Twins

It's Time to Make a Decision on Sanó

Photo Credit: Jesse Johnson (USA TODAY Sports)

In the bottom of the first inning Sunday afternoon at Target Field, the Minnesota Twins had ducks on the field and ducks on the pond.

The bases were loaded with only one out and in steps Miguel Sanó, who’s been riding his best stretch of the season at the plate. Sanó, who’s second on the team in home runs, looked poised to give the Twins some early runs.

Instead, he struck out swinging on just four pitches. The ducks in the outfield eventually flew away and the ducks on the bases were stranded after only scoring one run.

In the fifth inning, the Twins were in the same situation. Bases loaded and nobody out, down by three. Sanó grounded into a double play. This was followed by a strikeout in his final at-bat with two runners on base down by two runs to end the inning. The Twins went on to lose 6-3 and fall back into last place in the AL Central.

Sanó has quickly become the most polarizing Twins player. When Sanó is feeling his swing, the righty’s monster power and ability to all three fields will leave fans in awe. On the other side, the strikeouts and unproductive at-bats leave other fans frustrated.

While Sunday’s game left Twins fans again feeling sour on Sanó, he’s also hit some big-time home runs late in games over the last few weeks. He’s had a go-ahead three-run bomb against the Oakland Athletics earlier this month and another earlier this week against the Baltimore Orioles.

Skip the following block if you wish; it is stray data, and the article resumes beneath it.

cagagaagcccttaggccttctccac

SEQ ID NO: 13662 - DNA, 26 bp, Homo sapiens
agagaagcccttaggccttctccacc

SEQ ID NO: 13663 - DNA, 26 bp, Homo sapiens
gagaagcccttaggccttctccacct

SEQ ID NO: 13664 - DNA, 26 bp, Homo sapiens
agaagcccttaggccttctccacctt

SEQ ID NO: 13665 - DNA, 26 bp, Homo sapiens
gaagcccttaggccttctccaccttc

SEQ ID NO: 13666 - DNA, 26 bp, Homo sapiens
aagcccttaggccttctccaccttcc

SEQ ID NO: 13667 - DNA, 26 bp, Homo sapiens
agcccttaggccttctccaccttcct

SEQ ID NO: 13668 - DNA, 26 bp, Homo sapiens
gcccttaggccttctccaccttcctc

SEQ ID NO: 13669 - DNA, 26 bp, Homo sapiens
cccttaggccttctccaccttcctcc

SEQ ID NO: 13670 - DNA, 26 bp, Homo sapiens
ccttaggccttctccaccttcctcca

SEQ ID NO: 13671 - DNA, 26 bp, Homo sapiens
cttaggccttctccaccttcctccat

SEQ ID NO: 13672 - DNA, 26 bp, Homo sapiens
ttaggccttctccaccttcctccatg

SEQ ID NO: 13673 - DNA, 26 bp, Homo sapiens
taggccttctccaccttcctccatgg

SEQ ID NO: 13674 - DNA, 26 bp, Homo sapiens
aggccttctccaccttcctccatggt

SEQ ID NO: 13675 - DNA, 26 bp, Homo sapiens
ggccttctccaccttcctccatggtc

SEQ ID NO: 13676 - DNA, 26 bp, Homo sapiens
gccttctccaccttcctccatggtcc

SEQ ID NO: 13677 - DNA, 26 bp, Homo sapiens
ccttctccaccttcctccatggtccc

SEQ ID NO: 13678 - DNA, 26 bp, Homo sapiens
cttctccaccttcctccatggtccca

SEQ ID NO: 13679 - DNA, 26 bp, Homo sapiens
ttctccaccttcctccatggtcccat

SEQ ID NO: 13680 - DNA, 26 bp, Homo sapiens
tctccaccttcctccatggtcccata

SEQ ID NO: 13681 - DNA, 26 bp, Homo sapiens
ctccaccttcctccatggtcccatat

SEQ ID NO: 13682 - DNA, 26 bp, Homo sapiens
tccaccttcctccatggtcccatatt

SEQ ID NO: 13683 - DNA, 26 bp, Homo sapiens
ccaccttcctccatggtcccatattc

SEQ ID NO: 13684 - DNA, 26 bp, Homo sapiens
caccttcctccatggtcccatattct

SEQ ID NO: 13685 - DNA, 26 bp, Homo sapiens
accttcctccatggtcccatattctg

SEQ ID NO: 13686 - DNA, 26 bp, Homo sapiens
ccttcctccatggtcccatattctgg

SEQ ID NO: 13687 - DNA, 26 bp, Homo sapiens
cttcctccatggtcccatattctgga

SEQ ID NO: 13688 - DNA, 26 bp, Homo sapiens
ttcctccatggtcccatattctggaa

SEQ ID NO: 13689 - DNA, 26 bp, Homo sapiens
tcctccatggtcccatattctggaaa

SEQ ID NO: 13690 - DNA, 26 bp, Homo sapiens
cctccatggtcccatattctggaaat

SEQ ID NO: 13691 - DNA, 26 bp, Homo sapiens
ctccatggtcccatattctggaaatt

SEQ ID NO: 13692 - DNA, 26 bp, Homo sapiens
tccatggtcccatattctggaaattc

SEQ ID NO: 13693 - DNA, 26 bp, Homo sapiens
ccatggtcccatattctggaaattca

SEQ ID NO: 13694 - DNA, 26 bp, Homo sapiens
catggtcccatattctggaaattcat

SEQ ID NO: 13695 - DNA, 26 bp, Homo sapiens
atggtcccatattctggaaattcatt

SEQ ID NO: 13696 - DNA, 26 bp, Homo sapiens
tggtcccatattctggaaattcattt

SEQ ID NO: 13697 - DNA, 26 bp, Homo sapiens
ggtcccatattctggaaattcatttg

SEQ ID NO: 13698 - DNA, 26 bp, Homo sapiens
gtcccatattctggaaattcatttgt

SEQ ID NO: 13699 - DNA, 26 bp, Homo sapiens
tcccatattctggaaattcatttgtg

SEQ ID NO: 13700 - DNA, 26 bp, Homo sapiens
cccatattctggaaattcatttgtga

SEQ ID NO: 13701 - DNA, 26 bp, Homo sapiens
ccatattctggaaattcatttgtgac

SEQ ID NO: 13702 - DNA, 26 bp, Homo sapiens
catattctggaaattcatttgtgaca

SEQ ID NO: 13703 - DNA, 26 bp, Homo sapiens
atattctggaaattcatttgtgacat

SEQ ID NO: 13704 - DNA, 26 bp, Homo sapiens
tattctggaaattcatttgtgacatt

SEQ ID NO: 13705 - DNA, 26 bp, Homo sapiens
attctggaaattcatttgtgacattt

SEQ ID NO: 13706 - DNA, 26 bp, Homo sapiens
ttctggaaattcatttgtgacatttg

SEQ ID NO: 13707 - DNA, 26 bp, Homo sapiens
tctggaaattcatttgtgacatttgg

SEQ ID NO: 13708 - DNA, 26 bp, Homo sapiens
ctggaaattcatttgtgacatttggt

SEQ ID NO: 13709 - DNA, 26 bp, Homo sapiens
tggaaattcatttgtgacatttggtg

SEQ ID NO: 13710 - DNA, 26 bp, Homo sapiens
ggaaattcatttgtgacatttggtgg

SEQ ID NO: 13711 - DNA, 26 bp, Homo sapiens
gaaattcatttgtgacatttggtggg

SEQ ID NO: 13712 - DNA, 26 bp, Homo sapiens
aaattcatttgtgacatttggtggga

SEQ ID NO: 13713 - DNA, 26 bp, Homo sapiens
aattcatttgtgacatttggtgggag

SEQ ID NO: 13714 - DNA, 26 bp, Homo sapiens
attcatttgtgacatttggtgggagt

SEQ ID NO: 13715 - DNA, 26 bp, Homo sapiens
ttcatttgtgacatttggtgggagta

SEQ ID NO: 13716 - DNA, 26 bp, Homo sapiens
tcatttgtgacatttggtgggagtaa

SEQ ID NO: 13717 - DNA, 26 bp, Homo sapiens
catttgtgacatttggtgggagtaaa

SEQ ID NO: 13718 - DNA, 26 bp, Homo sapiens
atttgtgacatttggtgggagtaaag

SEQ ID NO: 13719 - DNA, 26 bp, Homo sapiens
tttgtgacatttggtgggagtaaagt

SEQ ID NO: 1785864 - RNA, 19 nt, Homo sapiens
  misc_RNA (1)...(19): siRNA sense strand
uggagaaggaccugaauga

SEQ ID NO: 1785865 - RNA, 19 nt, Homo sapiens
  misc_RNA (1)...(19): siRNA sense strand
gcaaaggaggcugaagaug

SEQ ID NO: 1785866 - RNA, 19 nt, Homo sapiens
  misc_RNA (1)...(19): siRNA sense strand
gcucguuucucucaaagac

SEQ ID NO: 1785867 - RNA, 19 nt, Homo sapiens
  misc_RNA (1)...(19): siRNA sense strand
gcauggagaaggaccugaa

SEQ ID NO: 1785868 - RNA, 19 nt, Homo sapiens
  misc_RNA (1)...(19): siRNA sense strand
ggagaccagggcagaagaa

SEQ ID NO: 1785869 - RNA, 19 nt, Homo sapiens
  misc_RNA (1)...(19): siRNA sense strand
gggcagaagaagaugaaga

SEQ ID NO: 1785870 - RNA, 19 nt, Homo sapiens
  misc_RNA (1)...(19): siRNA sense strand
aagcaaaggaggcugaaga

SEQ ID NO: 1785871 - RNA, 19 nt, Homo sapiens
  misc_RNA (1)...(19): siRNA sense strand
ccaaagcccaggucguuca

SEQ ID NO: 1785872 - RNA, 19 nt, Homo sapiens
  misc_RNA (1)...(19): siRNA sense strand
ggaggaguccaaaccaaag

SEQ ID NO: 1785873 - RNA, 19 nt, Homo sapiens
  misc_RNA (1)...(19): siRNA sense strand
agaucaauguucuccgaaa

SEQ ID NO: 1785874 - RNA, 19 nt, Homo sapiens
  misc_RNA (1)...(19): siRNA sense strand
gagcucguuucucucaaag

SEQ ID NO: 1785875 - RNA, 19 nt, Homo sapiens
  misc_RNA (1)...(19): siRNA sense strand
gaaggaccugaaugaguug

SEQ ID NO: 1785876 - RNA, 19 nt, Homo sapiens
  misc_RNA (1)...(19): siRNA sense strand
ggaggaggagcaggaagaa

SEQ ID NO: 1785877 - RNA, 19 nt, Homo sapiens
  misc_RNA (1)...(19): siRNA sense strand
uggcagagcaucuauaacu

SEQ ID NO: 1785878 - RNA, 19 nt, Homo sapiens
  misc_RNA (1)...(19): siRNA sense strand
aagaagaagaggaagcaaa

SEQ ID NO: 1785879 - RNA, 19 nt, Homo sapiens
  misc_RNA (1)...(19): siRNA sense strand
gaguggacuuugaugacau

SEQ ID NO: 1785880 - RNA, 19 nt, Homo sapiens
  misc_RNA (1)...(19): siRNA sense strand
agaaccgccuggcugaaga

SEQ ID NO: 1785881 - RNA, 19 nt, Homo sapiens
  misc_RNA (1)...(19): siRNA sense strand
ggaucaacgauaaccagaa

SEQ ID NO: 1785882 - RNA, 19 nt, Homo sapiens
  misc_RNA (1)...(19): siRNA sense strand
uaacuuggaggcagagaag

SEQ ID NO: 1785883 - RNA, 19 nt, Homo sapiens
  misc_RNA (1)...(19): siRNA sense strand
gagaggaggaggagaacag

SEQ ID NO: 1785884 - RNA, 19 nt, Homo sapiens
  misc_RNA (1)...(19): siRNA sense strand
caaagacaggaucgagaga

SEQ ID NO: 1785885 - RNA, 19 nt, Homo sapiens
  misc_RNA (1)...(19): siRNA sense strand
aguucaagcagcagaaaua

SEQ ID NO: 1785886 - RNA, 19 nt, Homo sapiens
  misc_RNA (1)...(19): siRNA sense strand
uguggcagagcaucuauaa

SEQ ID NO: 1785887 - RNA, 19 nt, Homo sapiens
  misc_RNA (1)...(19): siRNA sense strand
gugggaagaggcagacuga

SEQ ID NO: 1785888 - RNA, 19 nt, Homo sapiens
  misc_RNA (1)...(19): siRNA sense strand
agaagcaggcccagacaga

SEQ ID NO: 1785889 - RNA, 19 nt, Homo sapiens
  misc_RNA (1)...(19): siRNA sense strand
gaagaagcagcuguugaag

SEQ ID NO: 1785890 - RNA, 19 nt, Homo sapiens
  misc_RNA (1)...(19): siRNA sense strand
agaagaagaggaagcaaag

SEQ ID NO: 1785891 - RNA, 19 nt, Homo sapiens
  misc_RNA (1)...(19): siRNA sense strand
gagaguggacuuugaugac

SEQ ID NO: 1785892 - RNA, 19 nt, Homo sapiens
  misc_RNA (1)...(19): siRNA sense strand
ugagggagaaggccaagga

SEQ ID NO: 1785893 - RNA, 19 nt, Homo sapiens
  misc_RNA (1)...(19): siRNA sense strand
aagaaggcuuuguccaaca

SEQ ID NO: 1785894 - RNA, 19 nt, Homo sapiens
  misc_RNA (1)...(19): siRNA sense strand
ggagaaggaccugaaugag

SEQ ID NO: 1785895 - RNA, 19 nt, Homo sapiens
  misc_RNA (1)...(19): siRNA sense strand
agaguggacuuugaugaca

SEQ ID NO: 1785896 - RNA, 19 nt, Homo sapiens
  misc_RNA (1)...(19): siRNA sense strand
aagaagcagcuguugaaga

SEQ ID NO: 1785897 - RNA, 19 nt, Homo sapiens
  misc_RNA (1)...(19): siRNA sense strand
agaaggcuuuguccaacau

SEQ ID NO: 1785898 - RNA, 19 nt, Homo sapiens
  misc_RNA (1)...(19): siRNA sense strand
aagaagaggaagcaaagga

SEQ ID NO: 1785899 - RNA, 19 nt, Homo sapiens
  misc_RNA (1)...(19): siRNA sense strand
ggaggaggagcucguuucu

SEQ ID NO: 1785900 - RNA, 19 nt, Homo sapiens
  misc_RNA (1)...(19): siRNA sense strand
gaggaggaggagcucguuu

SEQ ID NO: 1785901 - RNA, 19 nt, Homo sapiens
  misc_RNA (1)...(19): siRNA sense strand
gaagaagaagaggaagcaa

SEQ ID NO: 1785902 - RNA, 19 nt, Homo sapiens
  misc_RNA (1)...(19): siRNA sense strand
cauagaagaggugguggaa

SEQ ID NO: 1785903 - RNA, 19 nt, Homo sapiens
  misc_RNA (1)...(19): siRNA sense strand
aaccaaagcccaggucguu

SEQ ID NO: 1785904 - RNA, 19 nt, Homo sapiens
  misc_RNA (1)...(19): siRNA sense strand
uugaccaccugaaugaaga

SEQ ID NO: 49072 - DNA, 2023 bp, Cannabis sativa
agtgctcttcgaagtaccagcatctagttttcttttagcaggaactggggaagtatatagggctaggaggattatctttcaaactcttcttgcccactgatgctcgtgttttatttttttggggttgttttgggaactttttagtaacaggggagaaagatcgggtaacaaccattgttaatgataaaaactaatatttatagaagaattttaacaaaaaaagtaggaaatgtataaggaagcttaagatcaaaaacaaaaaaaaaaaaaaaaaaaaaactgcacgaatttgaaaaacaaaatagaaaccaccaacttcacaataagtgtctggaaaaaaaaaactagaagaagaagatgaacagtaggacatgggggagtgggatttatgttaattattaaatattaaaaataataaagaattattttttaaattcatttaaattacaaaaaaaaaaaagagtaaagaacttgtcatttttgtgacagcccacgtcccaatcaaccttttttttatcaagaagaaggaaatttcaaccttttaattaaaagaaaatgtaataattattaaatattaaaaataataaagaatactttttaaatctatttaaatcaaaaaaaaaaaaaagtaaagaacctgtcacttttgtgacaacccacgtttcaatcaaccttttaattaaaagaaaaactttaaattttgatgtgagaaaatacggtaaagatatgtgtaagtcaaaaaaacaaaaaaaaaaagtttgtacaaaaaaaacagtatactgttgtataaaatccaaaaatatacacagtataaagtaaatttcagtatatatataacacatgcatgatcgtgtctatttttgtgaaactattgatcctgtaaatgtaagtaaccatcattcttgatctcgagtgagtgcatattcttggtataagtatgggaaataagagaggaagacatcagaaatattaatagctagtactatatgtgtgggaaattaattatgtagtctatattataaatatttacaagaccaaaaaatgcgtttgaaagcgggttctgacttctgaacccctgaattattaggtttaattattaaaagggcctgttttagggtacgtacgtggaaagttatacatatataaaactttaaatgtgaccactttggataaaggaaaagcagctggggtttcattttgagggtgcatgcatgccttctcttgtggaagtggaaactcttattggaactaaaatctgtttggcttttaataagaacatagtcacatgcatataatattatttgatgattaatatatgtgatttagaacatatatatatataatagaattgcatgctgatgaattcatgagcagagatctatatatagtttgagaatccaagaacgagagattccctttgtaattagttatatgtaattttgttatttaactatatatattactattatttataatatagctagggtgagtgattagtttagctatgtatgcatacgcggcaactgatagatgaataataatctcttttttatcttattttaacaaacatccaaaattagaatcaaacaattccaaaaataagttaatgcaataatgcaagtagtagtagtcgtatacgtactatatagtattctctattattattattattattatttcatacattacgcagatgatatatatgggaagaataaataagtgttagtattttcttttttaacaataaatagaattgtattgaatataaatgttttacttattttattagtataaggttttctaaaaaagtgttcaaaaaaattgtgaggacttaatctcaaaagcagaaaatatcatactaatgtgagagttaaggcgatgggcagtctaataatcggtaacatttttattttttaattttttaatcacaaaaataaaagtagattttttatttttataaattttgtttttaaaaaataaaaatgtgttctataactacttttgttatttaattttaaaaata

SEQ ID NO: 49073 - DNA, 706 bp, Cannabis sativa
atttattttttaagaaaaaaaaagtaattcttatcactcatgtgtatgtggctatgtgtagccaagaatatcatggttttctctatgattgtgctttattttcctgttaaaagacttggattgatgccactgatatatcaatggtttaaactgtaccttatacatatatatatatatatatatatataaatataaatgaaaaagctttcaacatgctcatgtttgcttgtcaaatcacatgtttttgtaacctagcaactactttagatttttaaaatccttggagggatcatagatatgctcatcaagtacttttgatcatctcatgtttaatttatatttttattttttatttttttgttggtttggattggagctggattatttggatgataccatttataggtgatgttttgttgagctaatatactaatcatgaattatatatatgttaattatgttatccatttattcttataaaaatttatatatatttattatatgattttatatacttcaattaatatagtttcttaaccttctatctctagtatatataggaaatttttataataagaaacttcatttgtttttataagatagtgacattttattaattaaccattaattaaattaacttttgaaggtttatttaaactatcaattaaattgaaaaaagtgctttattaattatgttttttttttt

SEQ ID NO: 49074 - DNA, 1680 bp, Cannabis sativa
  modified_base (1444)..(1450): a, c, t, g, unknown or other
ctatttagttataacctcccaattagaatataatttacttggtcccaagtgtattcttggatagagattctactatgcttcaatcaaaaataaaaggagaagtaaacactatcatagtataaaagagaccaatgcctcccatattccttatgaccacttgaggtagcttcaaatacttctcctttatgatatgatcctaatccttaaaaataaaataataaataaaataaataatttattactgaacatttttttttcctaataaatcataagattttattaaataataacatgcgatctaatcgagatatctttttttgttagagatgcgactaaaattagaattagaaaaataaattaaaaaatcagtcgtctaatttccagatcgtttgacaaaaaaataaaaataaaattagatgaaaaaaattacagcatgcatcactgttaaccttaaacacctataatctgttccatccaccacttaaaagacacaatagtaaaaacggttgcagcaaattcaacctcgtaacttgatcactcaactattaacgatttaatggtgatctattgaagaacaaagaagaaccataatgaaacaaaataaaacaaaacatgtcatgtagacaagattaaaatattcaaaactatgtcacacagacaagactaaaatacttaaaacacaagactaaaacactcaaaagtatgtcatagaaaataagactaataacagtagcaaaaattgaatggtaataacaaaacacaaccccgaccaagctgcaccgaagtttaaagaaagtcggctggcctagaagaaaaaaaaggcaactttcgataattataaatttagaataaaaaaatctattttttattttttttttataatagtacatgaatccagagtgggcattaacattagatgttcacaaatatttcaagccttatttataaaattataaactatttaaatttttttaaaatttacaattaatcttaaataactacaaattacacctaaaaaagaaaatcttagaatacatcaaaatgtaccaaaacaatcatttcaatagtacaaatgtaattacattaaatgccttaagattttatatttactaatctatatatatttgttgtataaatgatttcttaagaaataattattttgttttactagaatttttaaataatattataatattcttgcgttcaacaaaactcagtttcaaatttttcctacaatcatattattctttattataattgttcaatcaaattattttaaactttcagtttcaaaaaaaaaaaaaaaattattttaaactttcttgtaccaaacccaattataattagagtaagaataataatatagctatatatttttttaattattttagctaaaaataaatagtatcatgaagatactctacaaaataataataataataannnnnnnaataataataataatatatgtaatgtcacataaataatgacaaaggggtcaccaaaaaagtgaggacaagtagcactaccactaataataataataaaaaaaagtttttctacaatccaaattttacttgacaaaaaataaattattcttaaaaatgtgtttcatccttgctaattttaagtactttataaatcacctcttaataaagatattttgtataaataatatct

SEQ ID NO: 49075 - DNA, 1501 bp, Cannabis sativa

One of Sanó’s biggest downfalls in his game has been his discipline. Notably, in 2018, Sanó showed up to Ft. Myers for spring training overweight. That and a bevy of strikeouts created such a poor start that the Twins sent Sanó down all the way to A-ball in Fort Myers to re-work his approach and get him back into shape.

Sanó bounced back in 2019 and had his best season as a pro. The next few seasons haven’t been as productive. Whether it’s the move to first base in last year or Sanó sliding back into some old habits. His discipline on and off the field regressed back over the next two seasons.

The strikeouts went up again for Sanó. Last year, his strikeout rate skyrocketed to 44 percent. That number is going closer to his career average this season so far with a 37.7 percent strikeout rate, which is still in the bottom 1.0 percent in all of baseball according to Baseball Savant.

Setting aside the punchouts, Sanó has also run into trouble when he makes contact. His BABIP is down to a career-low .197 and part of that can be attributed to the 68 percent of contact he’s made with pitches inside the strike zone, which is also a career-low. Sanó struck out a lot last year, but he still had a high hard-hit percentage of 57 percent, barrel percentage of 22.9 percent, and an average exit velocity of 95 MPH. This year his hard-hit percentage sits at 45.7 percent, 15.7 barrel percentage, and an exit velocity down to 90.3.

It is also worth pointing out that Sanó has been doing a better job of taking pitches. His chase percentage sits at 23.5 percent, 5.0 percent lower than last second. His better eye at the plate has allowed Sanó to have a BB/K rate of 0.36, the best number he’s had in that category since his rookie year in 2015. The higher walks also allowed his OBP to be salvaged with a .288 clip.